(North British Daily Mail 7th April 1879)
WEST OF SCOTLAND CUP FINAL Marchton v Partick Thistle
The final in the West Of Scotland Cup competition was played on Saturday at Hampden Park, kindly put at the disposal of the young association by the Queen’s Park club. The contending clubs were the Marchton (who were successful last year) and the Thistle, of Partick. During the progress of the match the weather was fine, and there were several hundred spectators present, many of whom waited to witness the second match between the 2nd Queen’s Park and Kelvinbank. In the first half the Thistle, although contending against the wind, played up hard, and the game continued very equal, each goal in turn being assaulted. Nothing was scored up to half-time and on changing ends the Thistle, having somewhat the advantage in weight, had slightly the best of the encounter, and scored a goal with a low shot from Brash. About 20 minutes remained to play, but nothing further was scored, and the match ended in a win for the Partick Thistle by one goal to none.
(Glasgow News 7th April 1879)
WEST OF SCOTLAND CUP FINAL
The final tie for the cup of the West Of Scotland Football Association was played off by the Partick Thistle and Marchton clubs at Hampden Park. Owing doubtless to curiosity and partly to the fine afternoon, there was a pretty numerous assemblage of spectators. Throughout the first half, the game was on the whole evenly contested, and both sides were able to defend their goal successfully. Later on, however, the Partick players showed somewhat the better form, and managed to carry the ball to the mouth of their opponents goal. One of the best runs saw Brash sending the ball through the posts. Nothing further was done, and the game, which was earnestly contested, with perhaps more spirit than judgement, ended in favour of the Partick Thistle, who accordingly take the cup.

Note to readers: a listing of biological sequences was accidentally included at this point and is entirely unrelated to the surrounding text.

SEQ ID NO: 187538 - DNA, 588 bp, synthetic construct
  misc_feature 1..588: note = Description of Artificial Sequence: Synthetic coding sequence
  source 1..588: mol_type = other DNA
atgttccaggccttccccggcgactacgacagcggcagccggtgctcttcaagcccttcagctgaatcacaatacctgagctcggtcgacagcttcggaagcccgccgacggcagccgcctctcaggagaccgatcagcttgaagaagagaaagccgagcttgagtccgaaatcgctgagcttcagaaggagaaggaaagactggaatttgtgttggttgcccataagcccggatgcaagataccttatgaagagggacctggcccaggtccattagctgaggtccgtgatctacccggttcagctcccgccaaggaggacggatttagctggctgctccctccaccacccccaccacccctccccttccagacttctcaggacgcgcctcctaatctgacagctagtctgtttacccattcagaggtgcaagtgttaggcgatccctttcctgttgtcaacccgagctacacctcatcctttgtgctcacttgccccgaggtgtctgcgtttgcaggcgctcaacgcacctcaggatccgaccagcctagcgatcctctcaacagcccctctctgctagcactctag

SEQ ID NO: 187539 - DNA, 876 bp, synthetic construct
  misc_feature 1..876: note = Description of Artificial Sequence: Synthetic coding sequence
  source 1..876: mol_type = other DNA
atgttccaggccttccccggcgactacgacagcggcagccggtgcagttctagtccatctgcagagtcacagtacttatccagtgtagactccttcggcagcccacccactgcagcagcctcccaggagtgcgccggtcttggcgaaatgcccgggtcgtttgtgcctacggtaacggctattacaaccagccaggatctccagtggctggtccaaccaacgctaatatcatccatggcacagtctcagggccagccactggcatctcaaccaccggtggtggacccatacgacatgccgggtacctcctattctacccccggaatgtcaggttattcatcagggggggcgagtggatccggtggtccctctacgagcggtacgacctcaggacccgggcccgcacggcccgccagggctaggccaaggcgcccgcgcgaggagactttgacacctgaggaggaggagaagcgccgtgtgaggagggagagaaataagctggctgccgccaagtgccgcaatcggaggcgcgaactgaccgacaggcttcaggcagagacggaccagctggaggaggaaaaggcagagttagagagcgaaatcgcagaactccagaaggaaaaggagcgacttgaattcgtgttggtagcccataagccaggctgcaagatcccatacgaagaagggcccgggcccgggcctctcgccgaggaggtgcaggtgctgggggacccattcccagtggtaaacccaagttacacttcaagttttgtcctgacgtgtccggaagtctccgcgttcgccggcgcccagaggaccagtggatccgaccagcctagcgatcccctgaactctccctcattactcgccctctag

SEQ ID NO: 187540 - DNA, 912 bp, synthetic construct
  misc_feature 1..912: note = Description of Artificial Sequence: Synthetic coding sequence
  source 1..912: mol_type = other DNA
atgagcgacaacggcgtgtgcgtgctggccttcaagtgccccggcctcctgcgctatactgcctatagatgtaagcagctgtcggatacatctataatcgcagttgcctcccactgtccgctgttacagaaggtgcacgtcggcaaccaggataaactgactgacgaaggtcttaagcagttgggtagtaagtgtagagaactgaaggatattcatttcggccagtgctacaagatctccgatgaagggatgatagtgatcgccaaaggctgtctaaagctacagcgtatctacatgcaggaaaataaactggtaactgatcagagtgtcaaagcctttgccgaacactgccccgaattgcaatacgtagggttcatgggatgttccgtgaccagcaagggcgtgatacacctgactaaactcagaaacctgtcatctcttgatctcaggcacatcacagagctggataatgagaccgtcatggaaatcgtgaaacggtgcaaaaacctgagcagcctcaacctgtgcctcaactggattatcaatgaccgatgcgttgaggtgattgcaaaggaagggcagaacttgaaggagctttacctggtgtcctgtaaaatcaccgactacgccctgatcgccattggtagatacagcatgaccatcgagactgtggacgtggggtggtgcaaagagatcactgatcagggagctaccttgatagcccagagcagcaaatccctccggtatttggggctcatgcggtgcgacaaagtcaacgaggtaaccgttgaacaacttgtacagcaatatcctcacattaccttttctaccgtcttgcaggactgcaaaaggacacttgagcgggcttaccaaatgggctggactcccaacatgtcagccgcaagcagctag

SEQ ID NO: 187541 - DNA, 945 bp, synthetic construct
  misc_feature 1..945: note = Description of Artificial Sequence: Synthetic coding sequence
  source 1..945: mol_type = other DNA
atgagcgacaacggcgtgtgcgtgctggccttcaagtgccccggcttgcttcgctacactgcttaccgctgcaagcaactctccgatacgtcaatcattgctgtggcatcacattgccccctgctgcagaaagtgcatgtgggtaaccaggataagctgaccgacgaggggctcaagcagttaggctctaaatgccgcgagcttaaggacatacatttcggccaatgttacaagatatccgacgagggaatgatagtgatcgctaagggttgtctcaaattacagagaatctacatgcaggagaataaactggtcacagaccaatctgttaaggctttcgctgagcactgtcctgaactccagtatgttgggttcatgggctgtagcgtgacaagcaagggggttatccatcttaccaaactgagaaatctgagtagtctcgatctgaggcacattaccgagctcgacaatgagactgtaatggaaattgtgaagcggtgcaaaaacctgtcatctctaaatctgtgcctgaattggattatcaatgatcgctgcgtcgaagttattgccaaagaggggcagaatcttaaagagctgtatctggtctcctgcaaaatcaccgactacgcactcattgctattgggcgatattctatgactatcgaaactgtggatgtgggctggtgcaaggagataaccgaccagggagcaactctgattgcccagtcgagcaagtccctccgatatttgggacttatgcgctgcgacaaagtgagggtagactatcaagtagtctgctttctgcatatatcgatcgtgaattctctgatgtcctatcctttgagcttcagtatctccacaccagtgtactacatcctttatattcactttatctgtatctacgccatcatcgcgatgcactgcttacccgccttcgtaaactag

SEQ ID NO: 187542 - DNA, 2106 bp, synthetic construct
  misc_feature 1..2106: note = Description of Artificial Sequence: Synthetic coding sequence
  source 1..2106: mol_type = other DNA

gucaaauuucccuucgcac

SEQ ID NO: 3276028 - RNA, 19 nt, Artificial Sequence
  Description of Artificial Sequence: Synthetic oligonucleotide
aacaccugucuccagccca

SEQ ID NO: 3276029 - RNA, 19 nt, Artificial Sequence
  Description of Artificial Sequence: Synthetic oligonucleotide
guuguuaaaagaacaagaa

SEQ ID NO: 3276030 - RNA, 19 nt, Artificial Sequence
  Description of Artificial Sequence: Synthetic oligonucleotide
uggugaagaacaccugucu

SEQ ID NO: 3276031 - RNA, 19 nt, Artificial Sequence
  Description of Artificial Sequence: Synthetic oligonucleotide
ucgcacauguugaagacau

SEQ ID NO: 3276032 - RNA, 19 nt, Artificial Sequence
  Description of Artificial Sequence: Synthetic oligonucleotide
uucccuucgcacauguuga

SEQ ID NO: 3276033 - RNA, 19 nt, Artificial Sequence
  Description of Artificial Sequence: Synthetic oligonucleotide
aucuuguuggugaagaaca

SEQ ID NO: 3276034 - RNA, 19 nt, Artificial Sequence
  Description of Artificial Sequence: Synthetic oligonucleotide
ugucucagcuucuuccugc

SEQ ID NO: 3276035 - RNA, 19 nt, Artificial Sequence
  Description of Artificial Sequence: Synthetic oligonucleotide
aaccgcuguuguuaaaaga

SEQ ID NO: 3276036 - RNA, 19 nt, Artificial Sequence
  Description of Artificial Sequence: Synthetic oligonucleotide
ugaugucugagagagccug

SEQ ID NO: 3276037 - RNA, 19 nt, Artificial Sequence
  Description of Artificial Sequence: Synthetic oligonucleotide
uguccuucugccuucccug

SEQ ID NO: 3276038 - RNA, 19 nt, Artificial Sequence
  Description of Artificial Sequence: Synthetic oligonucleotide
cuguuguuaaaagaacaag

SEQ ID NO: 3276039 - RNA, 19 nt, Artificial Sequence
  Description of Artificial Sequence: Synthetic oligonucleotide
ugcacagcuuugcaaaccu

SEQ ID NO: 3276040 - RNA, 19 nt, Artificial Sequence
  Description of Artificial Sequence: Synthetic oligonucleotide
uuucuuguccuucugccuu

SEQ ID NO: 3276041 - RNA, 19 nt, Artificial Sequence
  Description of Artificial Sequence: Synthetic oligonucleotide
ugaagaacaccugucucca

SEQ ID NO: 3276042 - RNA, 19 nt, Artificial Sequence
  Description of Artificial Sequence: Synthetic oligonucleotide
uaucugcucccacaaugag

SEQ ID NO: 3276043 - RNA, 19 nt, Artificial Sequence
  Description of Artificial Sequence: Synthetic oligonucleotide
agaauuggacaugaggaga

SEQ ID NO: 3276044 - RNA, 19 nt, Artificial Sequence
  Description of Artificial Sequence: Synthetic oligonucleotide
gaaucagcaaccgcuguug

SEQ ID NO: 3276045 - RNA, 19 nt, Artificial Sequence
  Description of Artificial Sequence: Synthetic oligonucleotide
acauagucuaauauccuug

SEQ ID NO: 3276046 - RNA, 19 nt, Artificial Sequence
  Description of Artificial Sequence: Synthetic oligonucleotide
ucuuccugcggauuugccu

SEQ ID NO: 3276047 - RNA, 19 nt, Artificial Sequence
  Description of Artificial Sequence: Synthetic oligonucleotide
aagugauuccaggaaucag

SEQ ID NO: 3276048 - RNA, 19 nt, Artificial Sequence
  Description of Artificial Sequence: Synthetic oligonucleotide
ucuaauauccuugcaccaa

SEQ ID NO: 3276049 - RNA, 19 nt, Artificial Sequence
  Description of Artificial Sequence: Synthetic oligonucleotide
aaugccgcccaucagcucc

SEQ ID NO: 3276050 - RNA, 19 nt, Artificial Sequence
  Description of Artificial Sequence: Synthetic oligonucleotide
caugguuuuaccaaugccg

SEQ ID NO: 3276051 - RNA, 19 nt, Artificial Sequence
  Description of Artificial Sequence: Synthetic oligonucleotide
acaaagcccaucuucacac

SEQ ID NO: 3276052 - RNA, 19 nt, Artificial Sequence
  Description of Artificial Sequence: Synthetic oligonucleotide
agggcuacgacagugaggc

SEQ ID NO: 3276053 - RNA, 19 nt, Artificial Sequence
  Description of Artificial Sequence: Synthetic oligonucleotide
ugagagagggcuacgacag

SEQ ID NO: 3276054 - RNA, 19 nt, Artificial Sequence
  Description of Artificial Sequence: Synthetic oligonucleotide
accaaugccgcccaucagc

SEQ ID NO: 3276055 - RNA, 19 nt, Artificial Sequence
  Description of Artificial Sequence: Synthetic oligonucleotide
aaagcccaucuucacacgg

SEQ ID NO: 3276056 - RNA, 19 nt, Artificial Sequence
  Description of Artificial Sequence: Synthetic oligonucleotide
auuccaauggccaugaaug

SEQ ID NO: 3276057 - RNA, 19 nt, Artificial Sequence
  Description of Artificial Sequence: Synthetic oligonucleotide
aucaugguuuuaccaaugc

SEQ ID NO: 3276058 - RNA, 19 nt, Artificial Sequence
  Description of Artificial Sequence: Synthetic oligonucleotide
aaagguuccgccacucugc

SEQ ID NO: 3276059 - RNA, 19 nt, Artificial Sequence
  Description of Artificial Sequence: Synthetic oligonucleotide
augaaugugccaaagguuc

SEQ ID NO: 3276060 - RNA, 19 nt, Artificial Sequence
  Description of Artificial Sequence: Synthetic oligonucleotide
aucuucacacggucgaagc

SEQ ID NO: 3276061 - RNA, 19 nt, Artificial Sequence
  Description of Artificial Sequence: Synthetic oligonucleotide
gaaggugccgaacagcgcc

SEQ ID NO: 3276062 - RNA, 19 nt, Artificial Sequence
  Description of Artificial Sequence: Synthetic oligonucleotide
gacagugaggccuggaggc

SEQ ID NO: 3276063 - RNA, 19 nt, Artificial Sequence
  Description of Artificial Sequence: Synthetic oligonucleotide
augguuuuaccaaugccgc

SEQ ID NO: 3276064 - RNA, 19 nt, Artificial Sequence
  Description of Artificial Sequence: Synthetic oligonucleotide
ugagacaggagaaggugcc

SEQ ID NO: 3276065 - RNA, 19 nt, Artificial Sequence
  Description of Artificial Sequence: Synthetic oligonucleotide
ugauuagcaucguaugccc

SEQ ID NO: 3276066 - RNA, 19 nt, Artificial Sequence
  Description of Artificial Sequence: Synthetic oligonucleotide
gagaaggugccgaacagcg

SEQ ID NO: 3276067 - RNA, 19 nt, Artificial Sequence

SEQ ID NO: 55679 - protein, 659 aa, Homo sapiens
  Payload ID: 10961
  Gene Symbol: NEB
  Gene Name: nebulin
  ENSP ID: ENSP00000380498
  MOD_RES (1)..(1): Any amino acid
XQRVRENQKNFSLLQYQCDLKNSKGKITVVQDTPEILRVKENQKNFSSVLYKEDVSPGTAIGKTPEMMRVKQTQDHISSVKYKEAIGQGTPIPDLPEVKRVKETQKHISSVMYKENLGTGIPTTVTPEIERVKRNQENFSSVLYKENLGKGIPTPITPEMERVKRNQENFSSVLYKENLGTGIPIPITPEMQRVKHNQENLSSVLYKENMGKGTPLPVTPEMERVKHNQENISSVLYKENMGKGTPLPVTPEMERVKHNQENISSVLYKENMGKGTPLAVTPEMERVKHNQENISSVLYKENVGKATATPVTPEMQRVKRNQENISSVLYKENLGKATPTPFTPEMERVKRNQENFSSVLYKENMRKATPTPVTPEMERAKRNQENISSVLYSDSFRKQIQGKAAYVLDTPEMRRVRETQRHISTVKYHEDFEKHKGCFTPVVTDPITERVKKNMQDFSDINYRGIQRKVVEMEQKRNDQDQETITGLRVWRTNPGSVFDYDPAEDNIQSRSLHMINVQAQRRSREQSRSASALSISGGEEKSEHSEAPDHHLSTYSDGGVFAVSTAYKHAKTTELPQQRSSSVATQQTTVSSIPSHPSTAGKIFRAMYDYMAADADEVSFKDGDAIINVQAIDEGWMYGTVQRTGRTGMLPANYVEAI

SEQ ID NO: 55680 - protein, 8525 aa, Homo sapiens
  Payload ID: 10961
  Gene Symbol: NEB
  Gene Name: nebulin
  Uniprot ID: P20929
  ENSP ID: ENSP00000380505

(Glasgow Herald 7th April 1879)
The teams lined up :
Partick Thistle: Duff, goal; Hendry and Gardner, backs; Beattie (capt) and Leckie, half backs; Meldrum, Brown, Burleigh, Bowie, Brash and Inglis, forwards.
Marchtown: Stevenson, goal; McLachlan and Dick, backs; J.Allan and McIntosh, half backs; M.Allan, Renfrew, Forgie, McDowall, Erskine and Shaw, forwards.
The cup final victory was a fitting culmination for a successful season, and was a personal triumph for Brash, who had scored regularly throughout the season. One fixture remained to be played, and the season officially ended after Violet were beaten 3-2 at Kinning Park.
The second team ended the season on a losing note with a 0-1 defeat from Possil Heather Bell. The seconds ended the season with 14 wins, a draw and one defeat in 16 games, scoring 35 goals and losing just two. The success of this team was to bode well for the top team in years to come.
Season by season